A patient from Malaba in Western Kenya has been admitted to Kericho County Referral Hospital under isolation as the country remains alert following reported cases of Ebola deaths in Uganda.
The female patient said to be presenting Ebola-like symptoms was admitted to Siloam Hospital on Sunday night.
Dr David Ekuwam, the county's chief health officer, said the blood samples from the patient had been sent to the Kenya Medical Research Institute (Kemri) for further analysis.
"It's important to note that that the symptoms that have been exhibited by the patient can be indicative of any other medical condition and there is no confirmed case of Ebola at this moment," said Dr Ekuwam.
The preliminary test results are expected to be ready within 12 to 24 hours.
According to sources, the patient was from Malaba where she resides and was traveling to Kericho to see her husband.
According to the hospital administrator Margaret Okiro, the patient was complaining of headache, body fever, puffy face, some diarrhea, and nausea.
On June 11, 2019, Uganda announced that a child had been positively diagnosed with Ebola, the first cross-border case in the since the outbreak began.
Democratic Republic of Congo (DRC) declared its tenth outbreak of Ebola in 40 years on August 1, 2018.
The outbreak is centred in the northeast of the country. With the number of cases passing 1,000, it is now by far the country's largest-ever Ebola outbreak. It is also the second-biggest Ebola epidemic ever recorded, behind the West Africa outbreak of 2014-2016.
Ebola is often characterised by the sudden onset of fever, intense weakness, muscle pain, headache and sore throat.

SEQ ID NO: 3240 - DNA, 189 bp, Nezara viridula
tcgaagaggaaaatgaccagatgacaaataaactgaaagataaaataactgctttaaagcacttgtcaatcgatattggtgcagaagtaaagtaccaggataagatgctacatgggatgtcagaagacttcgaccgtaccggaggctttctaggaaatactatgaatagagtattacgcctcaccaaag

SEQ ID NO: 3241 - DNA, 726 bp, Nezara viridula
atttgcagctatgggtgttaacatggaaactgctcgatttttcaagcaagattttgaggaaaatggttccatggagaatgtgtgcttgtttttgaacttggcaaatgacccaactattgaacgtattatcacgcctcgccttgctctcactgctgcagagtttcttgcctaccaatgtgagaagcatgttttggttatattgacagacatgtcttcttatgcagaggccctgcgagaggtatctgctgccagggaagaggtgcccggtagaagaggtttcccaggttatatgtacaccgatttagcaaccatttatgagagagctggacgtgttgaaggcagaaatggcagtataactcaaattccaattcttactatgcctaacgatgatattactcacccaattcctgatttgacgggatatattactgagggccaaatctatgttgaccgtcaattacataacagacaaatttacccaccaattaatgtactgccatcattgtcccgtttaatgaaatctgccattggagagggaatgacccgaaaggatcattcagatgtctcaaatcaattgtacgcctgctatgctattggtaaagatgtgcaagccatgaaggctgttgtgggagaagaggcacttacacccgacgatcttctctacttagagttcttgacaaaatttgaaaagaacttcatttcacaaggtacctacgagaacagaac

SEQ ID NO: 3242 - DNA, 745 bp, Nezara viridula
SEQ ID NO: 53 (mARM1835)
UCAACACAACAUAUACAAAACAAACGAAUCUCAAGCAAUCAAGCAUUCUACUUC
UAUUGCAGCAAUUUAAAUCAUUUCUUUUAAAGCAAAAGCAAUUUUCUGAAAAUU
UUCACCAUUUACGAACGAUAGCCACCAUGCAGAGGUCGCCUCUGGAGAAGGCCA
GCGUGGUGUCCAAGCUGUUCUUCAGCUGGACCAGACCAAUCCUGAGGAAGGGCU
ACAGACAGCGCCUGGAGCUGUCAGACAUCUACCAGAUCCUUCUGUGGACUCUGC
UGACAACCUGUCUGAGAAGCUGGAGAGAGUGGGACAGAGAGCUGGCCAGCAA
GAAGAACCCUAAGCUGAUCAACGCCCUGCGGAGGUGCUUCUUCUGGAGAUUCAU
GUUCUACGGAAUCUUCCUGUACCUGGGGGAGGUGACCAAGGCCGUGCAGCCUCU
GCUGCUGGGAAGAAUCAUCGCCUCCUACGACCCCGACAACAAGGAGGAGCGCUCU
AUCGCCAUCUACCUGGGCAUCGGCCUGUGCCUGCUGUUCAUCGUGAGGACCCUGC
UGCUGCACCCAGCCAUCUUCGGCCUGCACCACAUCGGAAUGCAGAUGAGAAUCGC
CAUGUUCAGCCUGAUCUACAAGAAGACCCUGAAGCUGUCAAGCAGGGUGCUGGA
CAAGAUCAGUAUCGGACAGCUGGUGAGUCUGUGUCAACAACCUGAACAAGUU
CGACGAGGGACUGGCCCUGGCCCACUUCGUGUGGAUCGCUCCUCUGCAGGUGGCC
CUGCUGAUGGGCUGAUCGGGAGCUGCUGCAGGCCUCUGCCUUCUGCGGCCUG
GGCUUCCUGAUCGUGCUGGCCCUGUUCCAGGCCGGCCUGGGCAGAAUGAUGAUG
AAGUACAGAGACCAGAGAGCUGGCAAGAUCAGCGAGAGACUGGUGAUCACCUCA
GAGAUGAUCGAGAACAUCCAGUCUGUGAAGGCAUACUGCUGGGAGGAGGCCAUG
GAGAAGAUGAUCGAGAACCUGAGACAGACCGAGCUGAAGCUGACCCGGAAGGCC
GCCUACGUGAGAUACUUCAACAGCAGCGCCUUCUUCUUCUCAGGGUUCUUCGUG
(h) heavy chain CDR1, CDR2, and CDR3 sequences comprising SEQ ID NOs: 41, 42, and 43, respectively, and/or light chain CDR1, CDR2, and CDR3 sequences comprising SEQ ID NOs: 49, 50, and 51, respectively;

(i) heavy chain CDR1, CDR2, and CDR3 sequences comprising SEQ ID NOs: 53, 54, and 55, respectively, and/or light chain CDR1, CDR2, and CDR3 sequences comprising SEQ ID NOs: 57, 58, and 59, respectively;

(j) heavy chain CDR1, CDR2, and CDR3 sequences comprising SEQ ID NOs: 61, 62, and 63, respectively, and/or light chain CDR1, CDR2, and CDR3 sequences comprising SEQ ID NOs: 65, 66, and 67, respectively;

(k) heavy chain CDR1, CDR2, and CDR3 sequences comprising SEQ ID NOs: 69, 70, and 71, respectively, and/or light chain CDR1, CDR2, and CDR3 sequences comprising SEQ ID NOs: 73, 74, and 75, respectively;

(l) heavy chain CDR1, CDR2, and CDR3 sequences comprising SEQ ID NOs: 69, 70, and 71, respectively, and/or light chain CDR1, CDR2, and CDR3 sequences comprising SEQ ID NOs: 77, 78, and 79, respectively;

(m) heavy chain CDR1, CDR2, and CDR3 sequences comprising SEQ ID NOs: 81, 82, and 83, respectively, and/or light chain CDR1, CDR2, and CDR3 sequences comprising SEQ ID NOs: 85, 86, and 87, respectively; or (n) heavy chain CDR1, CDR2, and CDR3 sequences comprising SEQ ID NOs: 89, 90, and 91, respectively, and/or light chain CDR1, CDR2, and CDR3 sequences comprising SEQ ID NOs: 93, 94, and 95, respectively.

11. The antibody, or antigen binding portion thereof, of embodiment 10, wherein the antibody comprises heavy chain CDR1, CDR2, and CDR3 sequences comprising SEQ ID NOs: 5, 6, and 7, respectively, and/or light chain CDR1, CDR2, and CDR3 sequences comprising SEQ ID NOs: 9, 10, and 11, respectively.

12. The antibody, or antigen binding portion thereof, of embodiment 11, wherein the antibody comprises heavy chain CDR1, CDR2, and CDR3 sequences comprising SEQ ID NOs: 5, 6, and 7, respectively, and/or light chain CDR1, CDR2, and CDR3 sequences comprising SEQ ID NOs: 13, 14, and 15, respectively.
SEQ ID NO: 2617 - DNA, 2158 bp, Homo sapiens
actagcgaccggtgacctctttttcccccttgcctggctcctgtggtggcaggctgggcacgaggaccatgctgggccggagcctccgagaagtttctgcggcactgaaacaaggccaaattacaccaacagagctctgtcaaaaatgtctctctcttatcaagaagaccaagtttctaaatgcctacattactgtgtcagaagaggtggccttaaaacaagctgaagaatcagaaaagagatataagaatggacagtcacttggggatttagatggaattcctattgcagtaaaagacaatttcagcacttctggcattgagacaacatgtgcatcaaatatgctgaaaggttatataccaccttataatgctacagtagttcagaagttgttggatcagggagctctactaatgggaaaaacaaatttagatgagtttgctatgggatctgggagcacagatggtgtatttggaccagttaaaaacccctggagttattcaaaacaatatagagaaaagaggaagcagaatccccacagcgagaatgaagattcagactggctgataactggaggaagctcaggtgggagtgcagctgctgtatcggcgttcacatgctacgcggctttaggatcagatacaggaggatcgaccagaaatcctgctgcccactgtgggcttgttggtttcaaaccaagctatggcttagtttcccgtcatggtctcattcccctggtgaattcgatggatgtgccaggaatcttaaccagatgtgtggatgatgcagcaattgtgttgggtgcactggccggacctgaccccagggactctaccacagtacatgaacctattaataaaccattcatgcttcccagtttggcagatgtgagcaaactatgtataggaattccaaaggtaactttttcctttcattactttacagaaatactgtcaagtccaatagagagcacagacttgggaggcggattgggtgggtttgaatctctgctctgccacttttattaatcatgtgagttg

The victims are then hit with vomiting, diarrhoea, rash, impaired kidney and liver functions and, in some cases, both internal and external bleeding. Laboratory findings include low white blood cell and platelet counts and elevated liver enzymes.
The fever has an incubation period of two to 21 days. This means someone can be infected with the virus and not yet know that he or she is sick for up to 21 days when the symptoms begin to appear.
According to the CDC, a blood test can only be positive for Ebola once symptoms appear.
However, it takes 42 days for a country to be declared free of Ebola transmission. WHO doubles the 21-day incubation period of the virus to ensure no new infections are happening.
It is thought that fruit bats of the Pteropodidae family are natural Ebola virus hosts. Humans get the virus when they get into close contact with the blood, secretions, organs or other bodily fluids of infected animals.
You can also get the virus when you touch the objects that have been contaminated with body fluids (like blood, faeces, vomit) from an infected person.
Health care workers have frequently been infected while treating Ebola patients. Burial ceremonies where mourners have direct contact with the body of the deceased person have also led to the spread.
WHO notes, people remain infectious as long as their blood contains the virus.
There is no known cure for the disease just yet, but scientists are scrambling to find one. Patients are, however, put on supportive care (rehydration with oral or intravenous fluids) while doctors treat specific symptoms to improve survival.
An experimental Ebola vaccine, rVSV-ZEBOV, was tried out in Guinea in 2015. Among the 5837 people who received the vaccine, no Ebola cases were recorded 10 days or more after vaccination.
The vaccine is currently in use in DRC.